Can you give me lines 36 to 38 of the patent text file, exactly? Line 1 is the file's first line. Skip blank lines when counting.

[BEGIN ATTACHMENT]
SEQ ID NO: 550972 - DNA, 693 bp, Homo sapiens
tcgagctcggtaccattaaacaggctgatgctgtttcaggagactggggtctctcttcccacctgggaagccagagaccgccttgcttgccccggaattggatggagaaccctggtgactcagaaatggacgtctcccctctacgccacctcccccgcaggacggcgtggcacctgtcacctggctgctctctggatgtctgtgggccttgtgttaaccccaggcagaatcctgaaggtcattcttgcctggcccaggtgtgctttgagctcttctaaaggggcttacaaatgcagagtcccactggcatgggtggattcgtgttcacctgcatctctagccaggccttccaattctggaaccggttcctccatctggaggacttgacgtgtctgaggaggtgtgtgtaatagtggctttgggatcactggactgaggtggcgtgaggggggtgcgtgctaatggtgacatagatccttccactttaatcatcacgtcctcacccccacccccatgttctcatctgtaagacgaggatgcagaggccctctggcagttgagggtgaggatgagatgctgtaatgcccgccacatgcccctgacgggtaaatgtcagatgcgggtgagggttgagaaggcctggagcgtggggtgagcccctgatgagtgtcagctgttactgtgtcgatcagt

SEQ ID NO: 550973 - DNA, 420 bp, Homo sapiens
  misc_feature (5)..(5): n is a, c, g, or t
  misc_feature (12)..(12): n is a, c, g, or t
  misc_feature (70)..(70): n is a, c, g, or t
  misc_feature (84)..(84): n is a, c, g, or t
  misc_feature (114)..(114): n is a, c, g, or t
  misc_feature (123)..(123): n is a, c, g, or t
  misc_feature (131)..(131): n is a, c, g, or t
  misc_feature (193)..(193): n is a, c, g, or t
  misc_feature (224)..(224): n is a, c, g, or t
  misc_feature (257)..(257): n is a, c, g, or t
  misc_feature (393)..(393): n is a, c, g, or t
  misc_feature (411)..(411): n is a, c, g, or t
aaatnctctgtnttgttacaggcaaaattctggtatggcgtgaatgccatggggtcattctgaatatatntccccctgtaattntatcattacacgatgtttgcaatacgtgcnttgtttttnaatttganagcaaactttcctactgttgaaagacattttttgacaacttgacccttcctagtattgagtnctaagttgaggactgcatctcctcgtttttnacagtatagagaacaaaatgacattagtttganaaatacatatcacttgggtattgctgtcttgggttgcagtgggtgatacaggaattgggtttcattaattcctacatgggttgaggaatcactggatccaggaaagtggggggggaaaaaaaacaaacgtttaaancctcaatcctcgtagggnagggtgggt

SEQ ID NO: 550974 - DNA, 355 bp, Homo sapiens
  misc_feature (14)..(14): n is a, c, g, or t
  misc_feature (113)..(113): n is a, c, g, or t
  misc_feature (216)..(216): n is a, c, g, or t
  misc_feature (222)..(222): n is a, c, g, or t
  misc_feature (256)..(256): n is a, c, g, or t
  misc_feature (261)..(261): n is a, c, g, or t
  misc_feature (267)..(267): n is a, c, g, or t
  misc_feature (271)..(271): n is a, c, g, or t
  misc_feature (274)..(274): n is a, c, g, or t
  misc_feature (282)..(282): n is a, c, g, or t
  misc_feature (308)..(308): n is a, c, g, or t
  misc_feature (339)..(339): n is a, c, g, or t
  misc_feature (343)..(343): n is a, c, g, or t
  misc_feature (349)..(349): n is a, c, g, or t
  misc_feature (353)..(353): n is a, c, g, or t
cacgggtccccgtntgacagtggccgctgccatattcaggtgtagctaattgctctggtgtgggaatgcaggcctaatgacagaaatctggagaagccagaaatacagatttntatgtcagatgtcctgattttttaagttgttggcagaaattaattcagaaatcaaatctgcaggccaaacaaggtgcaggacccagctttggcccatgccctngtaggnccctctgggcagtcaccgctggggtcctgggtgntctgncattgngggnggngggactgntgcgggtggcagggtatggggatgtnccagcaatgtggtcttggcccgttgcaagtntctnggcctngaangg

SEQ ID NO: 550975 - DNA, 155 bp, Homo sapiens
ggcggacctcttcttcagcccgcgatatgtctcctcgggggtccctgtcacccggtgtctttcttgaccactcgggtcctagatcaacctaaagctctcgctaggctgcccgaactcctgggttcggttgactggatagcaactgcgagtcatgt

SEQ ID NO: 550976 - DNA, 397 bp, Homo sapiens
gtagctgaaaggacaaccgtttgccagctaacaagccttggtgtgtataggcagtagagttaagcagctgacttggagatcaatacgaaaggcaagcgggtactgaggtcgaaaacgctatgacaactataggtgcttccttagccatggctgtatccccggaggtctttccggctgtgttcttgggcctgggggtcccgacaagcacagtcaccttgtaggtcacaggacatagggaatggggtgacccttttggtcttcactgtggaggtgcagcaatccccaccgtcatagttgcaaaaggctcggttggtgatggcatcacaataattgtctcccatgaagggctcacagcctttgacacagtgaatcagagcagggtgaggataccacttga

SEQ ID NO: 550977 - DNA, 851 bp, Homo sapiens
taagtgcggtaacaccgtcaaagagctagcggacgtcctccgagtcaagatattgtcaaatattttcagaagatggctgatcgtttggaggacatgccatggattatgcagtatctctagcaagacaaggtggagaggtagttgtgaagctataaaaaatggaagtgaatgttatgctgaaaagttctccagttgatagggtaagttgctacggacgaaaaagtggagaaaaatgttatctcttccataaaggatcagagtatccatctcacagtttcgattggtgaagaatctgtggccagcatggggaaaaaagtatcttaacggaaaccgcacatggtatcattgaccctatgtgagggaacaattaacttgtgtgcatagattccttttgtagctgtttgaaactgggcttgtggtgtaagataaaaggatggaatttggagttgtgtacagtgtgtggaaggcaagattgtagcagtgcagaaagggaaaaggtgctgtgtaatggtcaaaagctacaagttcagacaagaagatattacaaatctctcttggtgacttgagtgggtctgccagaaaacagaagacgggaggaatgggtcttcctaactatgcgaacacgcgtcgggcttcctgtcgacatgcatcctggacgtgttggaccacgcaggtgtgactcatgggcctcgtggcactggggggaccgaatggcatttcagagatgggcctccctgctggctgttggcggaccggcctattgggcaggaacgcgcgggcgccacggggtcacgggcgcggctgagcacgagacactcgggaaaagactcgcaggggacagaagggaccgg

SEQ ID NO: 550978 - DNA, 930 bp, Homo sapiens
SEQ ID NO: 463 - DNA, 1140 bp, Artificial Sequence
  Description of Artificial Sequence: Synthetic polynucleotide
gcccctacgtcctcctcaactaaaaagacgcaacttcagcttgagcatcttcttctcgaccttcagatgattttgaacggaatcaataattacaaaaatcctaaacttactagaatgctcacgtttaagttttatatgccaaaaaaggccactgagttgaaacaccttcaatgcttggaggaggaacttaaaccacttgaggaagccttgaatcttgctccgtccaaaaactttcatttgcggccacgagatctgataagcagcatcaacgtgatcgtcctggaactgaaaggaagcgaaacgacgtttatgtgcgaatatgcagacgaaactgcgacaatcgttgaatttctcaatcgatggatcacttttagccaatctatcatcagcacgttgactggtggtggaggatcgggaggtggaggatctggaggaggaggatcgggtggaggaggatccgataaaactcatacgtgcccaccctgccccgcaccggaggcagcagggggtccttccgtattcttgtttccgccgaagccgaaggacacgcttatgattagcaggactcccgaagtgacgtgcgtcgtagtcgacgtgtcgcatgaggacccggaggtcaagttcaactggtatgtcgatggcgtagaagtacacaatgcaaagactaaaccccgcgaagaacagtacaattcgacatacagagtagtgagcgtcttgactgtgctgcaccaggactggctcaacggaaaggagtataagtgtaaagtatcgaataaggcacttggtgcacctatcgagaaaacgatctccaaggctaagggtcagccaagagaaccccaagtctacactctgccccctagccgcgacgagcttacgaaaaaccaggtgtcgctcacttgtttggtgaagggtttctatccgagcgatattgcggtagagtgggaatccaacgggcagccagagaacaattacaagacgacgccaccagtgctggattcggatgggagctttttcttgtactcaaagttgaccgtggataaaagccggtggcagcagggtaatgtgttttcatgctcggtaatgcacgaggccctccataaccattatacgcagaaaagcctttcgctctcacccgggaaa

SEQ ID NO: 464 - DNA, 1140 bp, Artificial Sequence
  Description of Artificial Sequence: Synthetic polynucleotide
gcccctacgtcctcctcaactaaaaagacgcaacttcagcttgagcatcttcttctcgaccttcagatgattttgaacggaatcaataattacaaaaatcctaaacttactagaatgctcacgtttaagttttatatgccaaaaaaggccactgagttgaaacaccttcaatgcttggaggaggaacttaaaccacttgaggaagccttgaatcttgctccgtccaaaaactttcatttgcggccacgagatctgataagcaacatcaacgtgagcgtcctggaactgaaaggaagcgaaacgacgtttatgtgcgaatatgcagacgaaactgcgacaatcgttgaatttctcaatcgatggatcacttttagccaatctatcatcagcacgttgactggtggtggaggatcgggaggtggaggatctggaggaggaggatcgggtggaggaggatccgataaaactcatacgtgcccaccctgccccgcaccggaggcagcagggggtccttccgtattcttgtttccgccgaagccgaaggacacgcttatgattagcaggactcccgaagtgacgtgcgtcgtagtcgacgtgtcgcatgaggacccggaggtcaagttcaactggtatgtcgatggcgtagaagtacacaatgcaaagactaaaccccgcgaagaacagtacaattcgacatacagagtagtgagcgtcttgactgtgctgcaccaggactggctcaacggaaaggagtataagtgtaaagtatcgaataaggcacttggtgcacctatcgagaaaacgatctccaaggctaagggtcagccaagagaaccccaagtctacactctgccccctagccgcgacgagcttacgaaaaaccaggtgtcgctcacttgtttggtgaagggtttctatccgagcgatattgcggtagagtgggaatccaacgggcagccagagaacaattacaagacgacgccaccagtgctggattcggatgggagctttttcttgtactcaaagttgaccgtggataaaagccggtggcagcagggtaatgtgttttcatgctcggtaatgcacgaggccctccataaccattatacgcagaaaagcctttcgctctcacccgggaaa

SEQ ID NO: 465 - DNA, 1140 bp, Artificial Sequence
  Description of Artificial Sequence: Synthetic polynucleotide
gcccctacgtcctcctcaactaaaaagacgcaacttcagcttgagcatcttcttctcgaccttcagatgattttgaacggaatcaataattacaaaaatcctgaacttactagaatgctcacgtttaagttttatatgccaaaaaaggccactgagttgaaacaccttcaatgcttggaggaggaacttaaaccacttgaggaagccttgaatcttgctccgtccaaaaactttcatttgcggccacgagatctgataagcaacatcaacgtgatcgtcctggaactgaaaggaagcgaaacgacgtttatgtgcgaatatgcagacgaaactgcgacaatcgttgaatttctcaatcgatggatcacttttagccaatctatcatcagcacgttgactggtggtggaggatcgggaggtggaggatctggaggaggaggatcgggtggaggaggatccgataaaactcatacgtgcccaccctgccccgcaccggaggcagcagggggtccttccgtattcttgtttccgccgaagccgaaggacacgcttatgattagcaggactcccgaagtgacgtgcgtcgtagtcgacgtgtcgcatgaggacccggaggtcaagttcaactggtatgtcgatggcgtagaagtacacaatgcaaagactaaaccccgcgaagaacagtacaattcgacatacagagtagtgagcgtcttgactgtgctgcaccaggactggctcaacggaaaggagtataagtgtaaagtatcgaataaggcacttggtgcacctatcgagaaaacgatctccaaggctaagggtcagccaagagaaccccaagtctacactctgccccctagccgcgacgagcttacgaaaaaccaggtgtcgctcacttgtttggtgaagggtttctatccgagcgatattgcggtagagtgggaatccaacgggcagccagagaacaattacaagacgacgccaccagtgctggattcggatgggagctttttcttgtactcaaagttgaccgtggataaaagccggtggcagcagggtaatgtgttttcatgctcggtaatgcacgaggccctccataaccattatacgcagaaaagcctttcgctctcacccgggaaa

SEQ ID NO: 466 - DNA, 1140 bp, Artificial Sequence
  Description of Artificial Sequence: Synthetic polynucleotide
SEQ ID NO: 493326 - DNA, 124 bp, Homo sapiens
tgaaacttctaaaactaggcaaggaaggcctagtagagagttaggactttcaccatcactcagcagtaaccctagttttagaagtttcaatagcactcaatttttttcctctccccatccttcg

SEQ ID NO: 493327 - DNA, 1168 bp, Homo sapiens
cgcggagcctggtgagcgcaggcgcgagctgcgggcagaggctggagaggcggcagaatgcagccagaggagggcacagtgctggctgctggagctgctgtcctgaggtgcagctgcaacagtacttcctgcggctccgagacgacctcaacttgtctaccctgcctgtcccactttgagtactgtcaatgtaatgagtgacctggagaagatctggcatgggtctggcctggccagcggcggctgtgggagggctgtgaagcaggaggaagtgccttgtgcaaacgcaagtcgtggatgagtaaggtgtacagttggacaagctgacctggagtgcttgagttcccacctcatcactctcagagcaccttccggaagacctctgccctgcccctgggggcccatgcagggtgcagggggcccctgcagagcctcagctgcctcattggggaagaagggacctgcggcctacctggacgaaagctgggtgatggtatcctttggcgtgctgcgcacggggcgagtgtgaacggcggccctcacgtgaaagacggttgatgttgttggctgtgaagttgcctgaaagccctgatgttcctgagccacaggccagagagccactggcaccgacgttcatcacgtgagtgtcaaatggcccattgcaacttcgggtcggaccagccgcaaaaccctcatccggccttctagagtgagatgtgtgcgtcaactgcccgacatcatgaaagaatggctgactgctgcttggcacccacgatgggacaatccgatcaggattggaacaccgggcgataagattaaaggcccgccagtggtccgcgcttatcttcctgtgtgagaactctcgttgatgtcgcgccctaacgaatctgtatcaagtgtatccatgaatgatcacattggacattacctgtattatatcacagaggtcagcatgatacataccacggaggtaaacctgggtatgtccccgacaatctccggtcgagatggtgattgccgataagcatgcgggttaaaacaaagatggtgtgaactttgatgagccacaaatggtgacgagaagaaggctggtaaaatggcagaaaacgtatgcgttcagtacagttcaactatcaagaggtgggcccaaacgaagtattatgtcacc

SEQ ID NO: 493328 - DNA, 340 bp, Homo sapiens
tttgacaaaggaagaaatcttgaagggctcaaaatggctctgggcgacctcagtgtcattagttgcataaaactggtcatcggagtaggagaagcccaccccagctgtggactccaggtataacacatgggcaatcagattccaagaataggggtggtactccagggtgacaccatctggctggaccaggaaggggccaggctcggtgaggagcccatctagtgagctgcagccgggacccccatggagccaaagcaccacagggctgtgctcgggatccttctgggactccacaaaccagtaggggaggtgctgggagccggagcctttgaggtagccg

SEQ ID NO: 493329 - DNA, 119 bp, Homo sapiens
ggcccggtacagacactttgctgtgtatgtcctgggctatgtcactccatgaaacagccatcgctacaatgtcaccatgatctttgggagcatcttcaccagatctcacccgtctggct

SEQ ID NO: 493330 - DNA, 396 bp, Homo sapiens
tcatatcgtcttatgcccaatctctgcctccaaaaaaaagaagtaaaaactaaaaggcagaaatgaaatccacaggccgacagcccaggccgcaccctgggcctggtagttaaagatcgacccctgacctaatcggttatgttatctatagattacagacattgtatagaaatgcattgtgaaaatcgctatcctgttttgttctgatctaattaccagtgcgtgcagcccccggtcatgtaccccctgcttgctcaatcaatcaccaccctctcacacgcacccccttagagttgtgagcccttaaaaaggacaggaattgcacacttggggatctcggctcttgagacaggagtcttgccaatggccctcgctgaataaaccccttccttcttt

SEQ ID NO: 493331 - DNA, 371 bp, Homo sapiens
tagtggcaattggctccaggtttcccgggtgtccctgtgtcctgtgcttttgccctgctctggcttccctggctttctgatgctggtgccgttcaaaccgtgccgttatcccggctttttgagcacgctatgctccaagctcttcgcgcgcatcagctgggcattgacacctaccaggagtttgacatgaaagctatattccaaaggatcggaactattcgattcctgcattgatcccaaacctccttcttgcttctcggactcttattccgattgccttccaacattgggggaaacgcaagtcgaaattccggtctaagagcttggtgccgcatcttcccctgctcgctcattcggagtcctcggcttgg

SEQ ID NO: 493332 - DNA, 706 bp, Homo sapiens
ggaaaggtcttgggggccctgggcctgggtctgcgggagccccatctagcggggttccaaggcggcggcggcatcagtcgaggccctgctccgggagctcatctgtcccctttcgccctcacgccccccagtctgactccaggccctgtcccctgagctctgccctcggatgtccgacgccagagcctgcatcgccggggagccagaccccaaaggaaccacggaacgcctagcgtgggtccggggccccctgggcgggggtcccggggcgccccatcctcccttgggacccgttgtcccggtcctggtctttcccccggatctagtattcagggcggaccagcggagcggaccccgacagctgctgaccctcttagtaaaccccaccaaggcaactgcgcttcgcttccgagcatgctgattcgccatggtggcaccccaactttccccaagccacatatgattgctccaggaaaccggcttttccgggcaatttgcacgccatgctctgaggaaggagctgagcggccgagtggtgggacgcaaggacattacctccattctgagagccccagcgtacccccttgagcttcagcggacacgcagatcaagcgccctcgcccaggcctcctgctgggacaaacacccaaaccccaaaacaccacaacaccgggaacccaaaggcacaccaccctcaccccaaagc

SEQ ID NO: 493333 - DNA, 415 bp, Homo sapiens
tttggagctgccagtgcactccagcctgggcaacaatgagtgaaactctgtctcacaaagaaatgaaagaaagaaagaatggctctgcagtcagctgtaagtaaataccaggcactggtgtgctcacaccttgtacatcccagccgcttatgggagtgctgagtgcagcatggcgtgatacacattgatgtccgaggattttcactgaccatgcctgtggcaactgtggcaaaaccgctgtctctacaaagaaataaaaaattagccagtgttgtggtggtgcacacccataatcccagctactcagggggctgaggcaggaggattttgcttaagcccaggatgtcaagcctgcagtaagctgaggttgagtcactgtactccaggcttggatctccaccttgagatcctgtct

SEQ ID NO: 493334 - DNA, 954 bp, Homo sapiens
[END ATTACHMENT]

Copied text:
SEQ ID NO: 550976 - DNA, 397 bp, Homo sapiens
gtagctgaaaggacaaccgtttgccagctaacaagccttggtgtgtataggcagtagagttaagcagctgacttggagatcaatacgaaaggcaagcgggtactgaggtcgaaaacgctatgacaactataggtgcttccttagccatggctgtatccccggaggtctttccggctgtgttcttgggcctgggggtcccgacaagcacagtcaccttgtaggtcacaggacatagggaatggggtgacccttttggtcttcactgtggaggtgcagcaatccccaccgtcatagttgcaaaaggctcggttggtgatggcatcacaataattgtctcccatgaagggctcacagcctttgacacagtgaatcagagcagggtgaggataccacttga

SEQ ID NO: 550977 - DNA, 851 bp, Homo sapiens